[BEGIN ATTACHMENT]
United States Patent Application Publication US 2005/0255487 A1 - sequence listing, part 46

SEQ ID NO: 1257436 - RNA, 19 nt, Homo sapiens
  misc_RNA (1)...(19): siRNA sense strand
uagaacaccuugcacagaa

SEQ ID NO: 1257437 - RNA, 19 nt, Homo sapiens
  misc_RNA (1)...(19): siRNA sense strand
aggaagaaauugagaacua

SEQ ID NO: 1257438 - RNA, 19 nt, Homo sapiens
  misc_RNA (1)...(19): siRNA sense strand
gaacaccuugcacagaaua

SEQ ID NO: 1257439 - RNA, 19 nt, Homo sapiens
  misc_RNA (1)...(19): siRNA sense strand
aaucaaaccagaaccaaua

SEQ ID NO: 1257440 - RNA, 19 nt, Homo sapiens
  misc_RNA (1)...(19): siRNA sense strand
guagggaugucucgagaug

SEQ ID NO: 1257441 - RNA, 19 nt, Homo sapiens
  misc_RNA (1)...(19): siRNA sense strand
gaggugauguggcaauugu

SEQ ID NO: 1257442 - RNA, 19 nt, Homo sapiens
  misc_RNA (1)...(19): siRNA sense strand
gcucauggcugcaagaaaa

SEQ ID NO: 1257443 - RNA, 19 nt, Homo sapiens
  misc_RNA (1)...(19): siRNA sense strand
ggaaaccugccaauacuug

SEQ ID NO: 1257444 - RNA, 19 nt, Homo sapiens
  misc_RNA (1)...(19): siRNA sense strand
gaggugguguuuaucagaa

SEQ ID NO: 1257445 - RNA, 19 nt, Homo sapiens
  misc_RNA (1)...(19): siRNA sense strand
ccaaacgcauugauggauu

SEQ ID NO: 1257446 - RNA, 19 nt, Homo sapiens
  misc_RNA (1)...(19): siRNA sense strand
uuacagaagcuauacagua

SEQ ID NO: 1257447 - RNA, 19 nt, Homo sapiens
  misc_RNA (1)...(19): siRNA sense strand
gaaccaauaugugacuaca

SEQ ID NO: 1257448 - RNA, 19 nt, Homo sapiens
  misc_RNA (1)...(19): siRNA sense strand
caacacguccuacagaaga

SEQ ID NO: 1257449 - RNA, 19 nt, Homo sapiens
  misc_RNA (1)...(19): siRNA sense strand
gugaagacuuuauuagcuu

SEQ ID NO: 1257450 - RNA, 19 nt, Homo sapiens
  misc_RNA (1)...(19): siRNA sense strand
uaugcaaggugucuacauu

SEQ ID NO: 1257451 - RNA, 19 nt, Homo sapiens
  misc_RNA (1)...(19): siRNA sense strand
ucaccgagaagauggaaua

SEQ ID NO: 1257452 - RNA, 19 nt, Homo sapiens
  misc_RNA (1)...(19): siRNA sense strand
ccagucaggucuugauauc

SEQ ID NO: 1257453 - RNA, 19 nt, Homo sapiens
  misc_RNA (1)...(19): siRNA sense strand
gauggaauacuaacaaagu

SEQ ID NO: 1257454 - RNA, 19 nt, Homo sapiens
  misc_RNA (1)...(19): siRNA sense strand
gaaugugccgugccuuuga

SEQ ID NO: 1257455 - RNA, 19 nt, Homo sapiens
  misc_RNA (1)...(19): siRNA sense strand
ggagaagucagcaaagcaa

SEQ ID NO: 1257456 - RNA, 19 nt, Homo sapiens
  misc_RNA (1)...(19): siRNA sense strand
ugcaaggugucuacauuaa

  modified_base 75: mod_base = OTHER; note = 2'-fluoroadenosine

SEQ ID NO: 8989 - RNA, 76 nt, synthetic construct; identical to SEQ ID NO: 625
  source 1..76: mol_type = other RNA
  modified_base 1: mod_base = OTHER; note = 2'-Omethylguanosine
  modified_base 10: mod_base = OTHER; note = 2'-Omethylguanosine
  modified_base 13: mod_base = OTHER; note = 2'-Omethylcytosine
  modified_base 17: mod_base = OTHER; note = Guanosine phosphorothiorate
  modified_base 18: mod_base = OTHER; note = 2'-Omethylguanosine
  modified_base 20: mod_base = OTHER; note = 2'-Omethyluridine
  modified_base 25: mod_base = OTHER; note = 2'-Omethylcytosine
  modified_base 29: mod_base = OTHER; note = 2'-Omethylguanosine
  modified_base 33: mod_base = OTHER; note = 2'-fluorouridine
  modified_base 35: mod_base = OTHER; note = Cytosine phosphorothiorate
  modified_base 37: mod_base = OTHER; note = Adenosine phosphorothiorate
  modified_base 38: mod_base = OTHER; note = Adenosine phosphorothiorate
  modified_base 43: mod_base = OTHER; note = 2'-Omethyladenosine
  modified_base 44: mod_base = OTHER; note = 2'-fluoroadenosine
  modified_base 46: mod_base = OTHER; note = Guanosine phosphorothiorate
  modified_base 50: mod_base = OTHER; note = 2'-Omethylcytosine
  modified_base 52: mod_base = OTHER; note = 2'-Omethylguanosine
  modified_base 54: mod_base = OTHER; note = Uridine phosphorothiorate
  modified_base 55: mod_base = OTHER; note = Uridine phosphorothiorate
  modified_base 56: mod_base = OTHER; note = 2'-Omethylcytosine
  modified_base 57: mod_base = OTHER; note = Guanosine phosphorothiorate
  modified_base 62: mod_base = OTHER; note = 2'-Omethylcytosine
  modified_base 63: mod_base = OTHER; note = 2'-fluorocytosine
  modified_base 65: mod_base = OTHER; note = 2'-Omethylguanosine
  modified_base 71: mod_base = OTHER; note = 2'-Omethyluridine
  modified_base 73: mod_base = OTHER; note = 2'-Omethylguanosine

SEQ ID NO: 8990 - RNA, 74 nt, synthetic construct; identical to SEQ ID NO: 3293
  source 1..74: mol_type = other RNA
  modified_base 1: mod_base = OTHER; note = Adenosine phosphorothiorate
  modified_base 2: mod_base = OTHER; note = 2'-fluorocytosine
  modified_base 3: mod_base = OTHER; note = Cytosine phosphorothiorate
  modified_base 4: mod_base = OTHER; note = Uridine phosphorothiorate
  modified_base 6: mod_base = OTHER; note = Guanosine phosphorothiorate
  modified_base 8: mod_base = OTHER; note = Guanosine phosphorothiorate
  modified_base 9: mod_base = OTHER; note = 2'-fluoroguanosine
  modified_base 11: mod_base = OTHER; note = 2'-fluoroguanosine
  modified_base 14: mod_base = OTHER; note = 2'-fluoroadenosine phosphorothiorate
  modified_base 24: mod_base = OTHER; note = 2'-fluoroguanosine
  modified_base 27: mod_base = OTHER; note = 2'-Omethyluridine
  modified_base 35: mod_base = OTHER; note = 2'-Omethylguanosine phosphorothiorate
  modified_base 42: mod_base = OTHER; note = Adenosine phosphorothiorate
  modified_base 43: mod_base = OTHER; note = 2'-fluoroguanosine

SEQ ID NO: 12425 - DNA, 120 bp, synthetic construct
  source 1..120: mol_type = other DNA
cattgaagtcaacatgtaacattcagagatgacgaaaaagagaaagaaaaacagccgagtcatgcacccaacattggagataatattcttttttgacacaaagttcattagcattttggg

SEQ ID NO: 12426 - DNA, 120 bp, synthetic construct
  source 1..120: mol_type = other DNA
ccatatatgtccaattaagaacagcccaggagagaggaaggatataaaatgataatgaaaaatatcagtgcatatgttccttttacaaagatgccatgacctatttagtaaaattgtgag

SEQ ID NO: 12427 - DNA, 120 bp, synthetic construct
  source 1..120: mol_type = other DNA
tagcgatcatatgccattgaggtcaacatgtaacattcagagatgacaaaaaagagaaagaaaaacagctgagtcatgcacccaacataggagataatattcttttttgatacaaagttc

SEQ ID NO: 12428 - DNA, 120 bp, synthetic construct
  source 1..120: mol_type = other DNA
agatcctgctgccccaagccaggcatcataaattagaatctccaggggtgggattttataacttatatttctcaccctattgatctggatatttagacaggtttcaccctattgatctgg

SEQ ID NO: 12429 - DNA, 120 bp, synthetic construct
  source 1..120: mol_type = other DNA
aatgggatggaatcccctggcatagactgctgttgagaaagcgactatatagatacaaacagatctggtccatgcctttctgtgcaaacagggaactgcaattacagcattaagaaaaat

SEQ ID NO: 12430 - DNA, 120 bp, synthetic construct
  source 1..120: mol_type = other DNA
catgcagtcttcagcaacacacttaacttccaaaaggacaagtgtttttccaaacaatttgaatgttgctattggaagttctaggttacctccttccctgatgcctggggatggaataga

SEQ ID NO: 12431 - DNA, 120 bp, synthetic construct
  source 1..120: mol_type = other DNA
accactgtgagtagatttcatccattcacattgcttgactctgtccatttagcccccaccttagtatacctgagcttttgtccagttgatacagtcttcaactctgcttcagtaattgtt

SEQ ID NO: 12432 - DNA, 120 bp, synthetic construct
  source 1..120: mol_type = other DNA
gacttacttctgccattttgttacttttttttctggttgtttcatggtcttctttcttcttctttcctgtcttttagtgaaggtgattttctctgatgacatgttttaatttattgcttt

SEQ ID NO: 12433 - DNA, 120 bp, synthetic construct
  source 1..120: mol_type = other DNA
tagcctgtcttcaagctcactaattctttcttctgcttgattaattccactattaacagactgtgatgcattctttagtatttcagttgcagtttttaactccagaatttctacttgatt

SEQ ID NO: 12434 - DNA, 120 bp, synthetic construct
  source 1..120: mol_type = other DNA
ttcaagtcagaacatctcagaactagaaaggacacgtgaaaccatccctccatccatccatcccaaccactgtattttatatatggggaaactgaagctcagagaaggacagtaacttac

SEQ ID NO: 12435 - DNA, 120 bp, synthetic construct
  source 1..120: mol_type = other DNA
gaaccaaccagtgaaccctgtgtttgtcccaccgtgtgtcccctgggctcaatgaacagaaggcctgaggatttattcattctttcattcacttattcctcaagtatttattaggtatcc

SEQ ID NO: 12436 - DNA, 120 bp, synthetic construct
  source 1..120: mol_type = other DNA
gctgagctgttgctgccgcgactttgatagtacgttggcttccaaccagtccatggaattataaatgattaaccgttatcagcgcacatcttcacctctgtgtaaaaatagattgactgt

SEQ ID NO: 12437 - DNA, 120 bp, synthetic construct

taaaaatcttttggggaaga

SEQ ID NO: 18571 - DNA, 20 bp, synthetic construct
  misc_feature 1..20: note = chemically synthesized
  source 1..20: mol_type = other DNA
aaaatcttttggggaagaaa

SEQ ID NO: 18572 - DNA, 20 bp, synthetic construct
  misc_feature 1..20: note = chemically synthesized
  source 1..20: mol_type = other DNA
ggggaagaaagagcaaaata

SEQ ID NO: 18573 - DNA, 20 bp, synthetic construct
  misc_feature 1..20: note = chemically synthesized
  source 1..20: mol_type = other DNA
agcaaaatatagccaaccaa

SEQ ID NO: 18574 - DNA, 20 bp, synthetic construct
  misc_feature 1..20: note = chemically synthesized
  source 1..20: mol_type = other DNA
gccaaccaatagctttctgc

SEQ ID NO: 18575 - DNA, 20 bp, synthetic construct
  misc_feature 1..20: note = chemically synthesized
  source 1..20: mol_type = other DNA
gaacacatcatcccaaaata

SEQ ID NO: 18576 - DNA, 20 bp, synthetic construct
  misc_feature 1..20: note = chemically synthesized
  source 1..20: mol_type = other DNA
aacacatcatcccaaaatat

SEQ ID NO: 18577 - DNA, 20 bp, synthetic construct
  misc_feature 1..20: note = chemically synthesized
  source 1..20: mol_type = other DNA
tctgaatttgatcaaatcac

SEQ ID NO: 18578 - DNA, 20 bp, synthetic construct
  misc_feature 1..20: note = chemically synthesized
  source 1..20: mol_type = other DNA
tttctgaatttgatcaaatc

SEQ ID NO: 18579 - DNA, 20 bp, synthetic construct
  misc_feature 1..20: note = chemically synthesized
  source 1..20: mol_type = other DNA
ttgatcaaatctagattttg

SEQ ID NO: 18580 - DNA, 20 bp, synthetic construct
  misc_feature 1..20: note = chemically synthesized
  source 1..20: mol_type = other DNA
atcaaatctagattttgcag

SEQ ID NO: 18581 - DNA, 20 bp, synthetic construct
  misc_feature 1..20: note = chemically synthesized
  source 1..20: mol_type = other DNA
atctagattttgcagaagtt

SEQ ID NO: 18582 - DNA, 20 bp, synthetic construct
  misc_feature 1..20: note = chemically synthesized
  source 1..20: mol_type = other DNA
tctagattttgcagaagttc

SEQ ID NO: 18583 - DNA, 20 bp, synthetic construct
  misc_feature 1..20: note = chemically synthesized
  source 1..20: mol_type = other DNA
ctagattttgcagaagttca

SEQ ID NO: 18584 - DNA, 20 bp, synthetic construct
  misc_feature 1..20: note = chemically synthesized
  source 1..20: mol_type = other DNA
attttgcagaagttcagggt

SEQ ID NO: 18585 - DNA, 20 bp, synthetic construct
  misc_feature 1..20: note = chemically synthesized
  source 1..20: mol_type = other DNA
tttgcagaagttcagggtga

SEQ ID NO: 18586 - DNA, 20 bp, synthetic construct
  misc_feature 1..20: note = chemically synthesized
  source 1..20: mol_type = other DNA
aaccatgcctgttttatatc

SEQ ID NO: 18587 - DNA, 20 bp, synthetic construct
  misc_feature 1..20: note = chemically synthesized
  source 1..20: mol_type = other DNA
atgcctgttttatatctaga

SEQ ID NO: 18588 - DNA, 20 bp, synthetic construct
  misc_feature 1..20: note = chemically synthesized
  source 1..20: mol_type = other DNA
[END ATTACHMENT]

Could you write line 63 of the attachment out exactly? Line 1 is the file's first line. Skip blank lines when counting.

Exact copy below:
  misc_RNA (1)...(19): siRNA sense strand